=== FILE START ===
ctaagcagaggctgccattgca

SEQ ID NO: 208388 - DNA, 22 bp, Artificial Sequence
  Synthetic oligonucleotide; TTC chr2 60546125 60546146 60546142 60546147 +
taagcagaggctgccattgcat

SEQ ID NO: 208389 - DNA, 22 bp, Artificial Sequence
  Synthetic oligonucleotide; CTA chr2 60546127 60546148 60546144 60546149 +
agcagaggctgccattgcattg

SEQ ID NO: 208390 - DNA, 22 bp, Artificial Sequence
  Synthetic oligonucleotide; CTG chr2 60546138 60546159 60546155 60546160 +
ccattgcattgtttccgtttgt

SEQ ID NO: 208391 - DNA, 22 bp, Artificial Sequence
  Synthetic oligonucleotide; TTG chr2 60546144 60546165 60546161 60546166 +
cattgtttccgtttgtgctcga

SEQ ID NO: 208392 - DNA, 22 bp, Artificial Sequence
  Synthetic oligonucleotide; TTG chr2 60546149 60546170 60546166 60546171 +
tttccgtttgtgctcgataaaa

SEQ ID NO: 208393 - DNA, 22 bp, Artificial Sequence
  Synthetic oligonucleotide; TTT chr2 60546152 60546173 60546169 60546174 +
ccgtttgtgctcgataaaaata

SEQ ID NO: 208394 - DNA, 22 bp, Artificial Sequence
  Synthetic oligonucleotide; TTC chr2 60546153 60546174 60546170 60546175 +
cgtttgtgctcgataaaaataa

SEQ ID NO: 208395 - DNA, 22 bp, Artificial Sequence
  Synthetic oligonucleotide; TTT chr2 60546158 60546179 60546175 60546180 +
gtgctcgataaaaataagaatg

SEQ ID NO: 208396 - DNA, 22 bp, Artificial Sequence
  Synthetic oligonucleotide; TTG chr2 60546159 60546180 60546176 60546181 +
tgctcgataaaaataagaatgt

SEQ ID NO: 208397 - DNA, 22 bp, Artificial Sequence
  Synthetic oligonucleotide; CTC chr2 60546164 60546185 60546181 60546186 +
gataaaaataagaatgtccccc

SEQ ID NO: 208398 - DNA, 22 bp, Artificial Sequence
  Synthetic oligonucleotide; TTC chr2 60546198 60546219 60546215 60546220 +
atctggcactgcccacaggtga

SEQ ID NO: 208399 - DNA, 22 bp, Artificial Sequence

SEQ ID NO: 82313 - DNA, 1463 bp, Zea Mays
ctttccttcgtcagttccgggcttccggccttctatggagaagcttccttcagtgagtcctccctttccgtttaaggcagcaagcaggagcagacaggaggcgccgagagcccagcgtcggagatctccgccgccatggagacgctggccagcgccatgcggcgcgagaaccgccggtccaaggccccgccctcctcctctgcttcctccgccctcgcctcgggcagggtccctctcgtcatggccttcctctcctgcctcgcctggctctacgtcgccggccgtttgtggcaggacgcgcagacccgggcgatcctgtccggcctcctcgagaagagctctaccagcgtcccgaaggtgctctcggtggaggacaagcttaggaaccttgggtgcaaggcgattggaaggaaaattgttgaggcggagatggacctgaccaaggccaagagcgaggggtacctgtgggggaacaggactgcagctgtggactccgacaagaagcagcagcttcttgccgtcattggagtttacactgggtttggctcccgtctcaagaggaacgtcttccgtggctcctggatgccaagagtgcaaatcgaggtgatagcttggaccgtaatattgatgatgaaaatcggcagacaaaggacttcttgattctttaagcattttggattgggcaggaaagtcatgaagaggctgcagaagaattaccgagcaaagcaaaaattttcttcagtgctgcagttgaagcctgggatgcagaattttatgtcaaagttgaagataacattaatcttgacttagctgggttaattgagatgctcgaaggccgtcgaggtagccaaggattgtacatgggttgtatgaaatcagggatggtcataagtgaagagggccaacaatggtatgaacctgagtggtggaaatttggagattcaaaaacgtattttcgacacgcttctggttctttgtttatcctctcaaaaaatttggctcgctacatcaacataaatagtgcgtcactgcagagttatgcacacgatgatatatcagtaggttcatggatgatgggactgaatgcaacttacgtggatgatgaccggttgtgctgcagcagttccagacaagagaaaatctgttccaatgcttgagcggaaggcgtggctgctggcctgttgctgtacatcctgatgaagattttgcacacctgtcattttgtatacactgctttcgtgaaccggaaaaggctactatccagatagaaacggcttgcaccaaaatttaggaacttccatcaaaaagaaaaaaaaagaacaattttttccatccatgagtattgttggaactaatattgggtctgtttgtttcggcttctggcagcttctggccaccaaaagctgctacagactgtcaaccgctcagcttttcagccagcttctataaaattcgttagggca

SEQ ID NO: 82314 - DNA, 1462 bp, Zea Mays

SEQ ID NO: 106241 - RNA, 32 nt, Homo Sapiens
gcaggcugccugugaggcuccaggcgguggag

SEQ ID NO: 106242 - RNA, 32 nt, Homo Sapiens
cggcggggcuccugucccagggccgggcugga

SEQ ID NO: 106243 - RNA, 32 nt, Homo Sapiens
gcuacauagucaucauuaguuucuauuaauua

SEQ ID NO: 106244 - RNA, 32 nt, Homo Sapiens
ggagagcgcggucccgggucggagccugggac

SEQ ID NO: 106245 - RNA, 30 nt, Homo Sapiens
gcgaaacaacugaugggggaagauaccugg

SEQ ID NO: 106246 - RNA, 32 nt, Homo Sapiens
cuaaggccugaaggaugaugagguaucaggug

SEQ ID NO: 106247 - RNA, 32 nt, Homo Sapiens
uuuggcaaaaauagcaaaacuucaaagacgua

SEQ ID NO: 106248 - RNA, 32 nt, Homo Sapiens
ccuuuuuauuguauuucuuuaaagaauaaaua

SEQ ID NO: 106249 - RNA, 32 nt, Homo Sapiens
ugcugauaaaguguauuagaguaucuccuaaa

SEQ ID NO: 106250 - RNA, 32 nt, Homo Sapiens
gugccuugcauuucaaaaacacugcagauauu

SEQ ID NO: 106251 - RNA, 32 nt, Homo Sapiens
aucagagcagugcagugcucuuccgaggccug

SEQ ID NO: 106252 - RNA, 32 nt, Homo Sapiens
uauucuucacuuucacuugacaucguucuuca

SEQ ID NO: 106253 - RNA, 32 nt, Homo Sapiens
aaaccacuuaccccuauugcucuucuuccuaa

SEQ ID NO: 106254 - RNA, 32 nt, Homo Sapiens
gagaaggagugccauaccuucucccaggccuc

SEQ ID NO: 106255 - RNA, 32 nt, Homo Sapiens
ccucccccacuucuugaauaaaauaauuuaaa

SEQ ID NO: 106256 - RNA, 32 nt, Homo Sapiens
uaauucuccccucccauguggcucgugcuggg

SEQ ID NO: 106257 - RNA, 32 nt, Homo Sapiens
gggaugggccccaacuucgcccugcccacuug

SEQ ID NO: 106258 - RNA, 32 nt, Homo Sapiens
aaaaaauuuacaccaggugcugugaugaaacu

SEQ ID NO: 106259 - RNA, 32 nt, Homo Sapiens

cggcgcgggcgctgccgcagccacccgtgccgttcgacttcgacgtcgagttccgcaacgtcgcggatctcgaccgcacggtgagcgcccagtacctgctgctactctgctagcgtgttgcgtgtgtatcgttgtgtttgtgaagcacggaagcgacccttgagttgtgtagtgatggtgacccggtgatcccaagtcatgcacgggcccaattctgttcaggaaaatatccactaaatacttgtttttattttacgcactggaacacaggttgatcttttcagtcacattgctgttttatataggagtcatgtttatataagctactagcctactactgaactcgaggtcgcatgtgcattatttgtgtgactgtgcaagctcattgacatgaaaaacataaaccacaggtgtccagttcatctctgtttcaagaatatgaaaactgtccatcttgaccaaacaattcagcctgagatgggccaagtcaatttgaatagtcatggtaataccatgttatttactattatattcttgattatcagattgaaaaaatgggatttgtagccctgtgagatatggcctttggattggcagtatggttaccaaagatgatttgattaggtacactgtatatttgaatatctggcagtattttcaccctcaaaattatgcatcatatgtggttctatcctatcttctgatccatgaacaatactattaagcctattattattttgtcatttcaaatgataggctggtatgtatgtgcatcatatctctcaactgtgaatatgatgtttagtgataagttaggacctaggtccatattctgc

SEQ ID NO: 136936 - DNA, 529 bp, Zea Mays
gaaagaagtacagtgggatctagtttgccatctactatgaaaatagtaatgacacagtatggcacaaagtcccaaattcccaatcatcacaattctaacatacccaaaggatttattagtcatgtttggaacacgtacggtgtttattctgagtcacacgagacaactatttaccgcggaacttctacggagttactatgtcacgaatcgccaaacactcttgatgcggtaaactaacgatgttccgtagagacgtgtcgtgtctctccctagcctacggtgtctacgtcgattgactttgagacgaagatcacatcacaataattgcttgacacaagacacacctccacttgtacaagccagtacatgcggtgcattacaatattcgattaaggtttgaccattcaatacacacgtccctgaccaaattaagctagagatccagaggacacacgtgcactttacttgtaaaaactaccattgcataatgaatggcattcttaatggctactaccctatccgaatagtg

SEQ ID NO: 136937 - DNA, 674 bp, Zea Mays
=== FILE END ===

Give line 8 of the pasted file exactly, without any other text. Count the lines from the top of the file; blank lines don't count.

SEQ ID NO: 208390 - DNA, 22 bp, Artificial Sequence